Ole Ivar Lovaas : biography
Ole Ivar Løvaas PhD (8 May 1927 – 2 August 2010)., was a Norwegian-American clinical psychologist at UCLA. He is considered to be one of the fathers of applied behavior analysis (ABA, formerly called Behavior modification) through his development of the Lovaas technique and the first to provide evidence that the behavior of autistic children can be modified through teaching., by Steve Buchman, bbbautism.com, Retrieved on 28 January 2009. In 1999, the U.S. Office of the Surgeon General described Lovaas's techniques as having been shown to be efficacious at "reducing inappropriate behavior and in increasing communication, learning, and appropriate social behavior", based on thirty years of studies. In recent times, his technique is either called Early intensive behavior intervention (EIBI) or the Lovaas model of Applied behavior analysis.
Findings of independent peer reviewed studies show benefits associated with the Lovaas method, though some have disputed this. In his original studies in the late 1950s aversives such as electric shock successfully treated approximately 50% of individuals engaging in instances of extreme self-injury whose life expectancy was reduced by secondary infection. Subsequent studies were on extinction methods, in which attention is given only when persons are not engaging in self-injury.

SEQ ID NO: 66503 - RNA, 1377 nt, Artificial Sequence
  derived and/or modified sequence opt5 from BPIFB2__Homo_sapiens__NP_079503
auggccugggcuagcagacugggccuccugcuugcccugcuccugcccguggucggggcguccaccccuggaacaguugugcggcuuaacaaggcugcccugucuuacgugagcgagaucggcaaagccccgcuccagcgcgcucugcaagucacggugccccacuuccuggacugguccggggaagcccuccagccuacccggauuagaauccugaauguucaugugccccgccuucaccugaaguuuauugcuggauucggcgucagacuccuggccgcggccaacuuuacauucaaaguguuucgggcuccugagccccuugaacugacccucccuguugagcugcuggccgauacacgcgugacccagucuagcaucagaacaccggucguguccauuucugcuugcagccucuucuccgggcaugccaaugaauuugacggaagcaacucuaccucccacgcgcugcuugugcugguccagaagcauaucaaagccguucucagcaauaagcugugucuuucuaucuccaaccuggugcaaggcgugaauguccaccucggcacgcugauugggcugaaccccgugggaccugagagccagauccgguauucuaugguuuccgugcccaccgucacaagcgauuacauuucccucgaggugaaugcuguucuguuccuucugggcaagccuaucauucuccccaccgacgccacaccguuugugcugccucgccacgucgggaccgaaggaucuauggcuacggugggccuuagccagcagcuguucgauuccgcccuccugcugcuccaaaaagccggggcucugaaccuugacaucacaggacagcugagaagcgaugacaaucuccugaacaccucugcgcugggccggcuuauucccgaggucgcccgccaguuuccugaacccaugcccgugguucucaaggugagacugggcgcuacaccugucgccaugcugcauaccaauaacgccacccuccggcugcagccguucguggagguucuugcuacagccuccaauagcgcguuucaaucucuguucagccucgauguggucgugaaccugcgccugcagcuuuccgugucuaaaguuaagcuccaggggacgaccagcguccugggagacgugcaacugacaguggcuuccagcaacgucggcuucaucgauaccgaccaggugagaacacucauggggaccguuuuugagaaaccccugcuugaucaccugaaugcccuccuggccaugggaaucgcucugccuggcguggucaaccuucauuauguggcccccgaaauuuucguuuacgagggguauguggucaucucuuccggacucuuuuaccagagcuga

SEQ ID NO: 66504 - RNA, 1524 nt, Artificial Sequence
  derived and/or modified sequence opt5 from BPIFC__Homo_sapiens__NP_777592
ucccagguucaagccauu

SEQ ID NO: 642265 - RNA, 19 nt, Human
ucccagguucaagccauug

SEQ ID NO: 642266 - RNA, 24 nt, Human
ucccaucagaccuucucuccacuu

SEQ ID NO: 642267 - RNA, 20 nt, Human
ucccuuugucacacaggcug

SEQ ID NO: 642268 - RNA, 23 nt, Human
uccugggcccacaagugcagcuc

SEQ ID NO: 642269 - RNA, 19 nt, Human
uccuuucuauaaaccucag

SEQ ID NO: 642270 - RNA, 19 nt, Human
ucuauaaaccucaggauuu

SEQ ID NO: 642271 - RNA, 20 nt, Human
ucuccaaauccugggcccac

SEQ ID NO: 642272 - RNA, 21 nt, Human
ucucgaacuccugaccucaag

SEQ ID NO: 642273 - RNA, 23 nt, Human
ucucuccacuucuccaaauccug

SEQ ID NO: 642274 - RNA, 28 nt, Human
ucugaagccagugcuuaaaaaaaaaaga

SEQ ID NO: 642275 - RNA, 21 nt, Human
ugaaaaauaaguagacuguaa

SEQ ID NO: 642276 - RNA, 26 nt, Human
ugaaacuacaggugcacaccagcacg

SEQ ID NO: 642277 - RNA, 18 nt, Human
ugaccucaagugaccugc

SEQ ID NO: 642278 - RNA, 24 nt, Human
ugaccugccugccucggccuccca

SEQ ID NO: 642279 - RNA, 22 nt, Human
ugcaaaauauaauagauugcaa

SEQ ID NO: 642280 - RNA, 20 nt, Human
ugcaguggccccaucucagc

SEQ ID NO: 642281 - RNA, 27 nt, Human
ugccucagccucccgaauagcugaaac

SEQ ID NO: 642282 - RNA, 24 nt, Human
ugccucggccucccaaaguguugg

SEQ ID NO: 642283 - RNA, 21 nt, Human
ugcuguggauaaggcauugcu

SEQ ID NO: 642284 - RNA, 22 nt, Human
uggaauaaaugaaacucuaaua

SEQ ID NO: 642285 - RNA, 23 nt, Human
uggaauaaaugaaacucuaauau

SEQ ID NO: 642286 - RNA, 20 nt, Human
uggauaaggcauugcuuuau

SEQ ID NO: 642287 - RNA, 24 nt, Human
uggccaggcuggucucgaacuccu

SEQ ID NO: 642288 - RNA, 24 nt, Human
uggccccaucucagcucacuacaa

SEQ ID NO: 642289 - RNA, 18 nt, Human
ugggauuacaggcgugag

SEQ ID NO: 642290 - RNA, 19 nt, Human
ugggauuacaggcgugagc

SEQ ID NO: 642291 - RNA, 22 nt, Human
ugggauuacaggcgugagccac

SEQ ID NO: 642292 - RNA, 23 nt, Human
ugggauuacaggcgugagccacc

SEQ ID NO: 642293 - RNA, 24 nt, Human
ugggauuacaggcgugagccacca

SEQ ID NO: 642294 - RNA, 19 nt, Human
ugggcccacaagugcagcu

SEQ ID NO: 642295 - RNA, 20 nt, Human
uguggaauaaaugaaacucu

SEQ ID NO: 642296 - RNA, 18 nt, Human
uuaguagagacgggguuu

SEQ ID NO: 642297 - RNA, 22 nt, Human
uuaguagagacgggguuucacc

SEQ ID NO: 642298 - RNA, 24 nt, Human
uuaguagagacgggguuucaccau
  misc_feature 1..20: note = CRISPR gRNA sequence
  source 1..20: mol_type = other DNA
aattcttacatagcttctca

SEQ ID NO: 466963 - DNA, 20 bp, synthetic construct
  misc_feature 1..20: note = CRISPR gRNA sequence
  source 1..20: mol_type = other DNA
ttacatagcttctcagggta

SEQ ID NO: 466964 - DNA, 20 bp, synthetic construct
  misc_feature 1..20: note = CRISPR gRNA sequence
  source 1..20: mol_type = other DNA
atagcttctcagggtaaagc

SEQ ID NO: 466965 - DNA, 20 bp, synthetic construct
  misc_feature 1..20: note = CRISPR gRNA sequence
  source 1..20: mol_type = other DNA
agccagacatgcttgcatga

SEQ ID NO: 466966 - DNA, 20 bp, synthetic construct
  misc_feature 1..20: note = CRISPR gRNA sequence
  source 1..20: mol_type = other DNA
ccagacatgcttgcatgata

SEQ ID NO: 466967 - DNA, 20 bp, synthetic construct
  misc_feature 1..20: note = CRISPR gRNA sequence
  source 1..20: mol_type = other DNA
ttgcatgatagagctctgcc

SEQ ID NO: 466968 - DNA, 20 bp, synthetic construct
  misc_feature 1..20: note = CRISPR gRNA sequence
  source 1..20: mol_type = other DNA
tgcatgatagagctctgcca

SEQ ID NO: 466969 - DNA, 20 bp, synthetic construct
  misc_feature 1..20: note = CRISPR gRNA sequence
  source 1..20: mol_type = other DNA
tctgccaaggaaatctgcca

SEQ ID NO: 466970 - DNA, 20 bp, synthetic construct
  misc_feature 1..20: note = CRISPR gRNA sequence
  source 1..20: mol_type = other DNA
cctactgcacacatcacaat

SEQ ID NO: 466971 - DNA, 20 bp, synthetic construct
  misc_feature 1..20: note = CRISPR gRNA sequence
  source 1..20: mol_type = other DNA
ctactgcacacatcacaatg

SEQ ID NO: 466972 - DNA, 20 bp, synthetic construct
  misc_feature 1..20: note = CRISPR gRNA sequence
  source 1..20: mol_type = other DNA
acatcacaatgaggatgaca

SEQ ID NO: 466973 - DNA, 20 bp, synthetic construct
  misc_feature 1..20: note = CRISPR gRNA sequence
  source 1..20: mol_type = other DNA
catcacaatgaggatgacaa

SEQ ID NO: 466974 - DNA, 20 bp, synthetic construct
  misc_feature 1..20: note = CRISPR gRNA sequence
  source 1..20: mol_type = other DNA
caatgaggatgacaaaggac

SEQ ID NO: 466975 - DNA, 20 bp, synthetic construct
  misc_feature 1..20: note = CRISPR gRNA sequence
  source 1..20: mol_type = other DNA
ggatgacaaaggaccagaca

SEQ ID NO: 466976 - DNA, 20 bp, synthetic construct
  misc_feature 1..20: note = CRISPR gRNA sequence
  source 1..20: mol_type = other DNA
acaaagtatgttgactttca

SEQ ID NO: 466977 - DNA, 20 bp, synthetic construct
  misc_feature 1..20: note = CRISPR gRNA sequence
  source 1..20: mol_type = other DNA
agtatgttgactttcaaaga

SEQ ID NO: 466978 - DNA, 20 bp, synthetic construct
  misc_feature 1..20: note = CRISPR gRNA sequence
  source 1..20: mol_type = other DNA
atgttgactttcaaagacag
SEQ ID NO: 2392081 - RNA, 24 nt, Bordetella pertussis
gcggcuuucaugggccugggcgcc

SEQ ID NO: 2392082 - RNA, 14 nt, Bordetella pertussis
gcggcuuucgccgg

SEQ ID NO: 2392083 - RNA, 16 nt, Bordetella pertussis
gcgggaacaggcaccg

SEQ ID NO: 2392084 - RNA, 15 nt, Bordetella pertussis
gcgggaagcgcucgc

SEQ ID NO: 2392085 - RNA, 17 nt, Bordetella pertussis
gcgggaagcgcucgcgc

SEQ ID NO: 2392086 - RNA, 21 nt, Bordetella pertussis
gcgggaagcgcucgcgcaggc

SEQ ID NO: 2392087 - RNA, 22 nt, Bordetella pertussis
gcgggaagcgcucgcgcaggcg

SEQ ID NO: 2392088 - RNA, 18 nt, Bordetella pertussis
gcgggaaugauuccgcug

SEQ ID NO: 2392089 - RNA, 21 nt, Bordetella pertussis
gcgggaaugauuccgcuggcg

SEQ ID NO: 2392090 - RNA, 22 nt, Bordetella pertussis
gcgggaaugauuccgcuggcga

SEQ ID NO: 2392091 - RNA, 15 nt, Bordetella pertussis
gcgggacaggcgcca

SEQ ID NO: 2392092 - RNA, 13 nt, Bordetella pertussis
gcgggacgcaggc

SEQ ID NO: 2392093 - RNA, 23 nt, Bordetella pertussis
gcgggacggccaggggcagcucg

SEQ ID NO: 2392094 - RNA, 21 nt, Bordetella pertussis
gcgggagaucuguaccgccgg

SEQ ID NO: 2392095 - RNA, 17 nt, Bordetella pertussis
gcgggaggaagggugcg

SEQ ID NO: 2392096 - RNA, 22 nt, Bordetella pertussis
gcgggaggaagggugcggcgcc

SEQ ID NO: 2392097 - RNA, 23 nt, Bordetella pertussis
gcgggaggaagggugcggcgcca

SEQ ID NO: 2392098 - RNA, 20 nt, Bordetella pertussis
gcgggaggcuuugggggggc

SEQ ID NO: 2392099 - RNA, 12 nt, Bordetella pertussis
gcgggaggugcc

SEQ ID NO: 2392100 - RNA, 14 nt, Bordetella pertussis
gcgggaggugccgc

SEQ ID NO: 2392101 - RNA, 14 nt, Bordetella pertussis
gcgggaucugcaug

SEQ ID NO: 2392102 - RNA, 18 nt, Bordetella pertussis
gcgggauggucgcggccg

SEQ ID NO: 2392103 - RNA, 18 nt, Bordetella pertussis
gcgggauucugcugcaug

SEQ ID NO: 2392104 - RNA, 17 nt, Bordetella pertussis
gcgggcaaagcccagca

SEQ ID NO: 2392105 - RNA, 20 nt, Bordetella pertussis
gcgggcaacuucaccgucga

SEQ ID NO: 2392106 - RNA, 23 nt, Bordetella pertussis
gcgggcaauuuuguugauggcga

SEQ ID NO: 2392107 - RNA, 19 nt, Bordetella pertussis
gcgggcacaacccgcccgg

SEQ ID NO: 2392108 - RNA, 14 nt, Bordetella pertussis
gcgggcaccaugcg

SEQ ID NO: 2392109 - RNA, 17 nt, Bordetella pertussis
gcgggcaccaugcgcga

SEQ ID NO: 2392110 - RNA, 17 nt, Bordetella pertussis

Lovaas was born in Lier, Norway and was a farm worker during the 1940s Nazi occupation of Norway. After the war, Lovaas earned a music scholarship to Luther College in the American state of Iowa. He earned his undergraduate degree at Luther College and his doctorate in psychology from the University of Washington. Married twice, Lovaas had four children from his first marriage and is survived by six grandchildren and three great-grandchildren.
Work with George Rekers on gender-variant children
In addition to his extensive work with autistic children, in the 1970s Lovaas co-authored four papers with George Rekers on children with atypical gender behaviors. The subject of the first of these studies, a feminine young boy who was homosexual of 4 and half years old at the inception of treatment, committed suicide as an adult; his family attribute the suicide to this treatment. Despite this, Lovaas and George Rekers had conducted a study that he was "indistinguishably unfeminine and showed no signs of homosexuality". Years later, the boy said he kept it hidden because his father would give him spankings if he was given a different color "poker chip" as punishment for feminine-like behavior.
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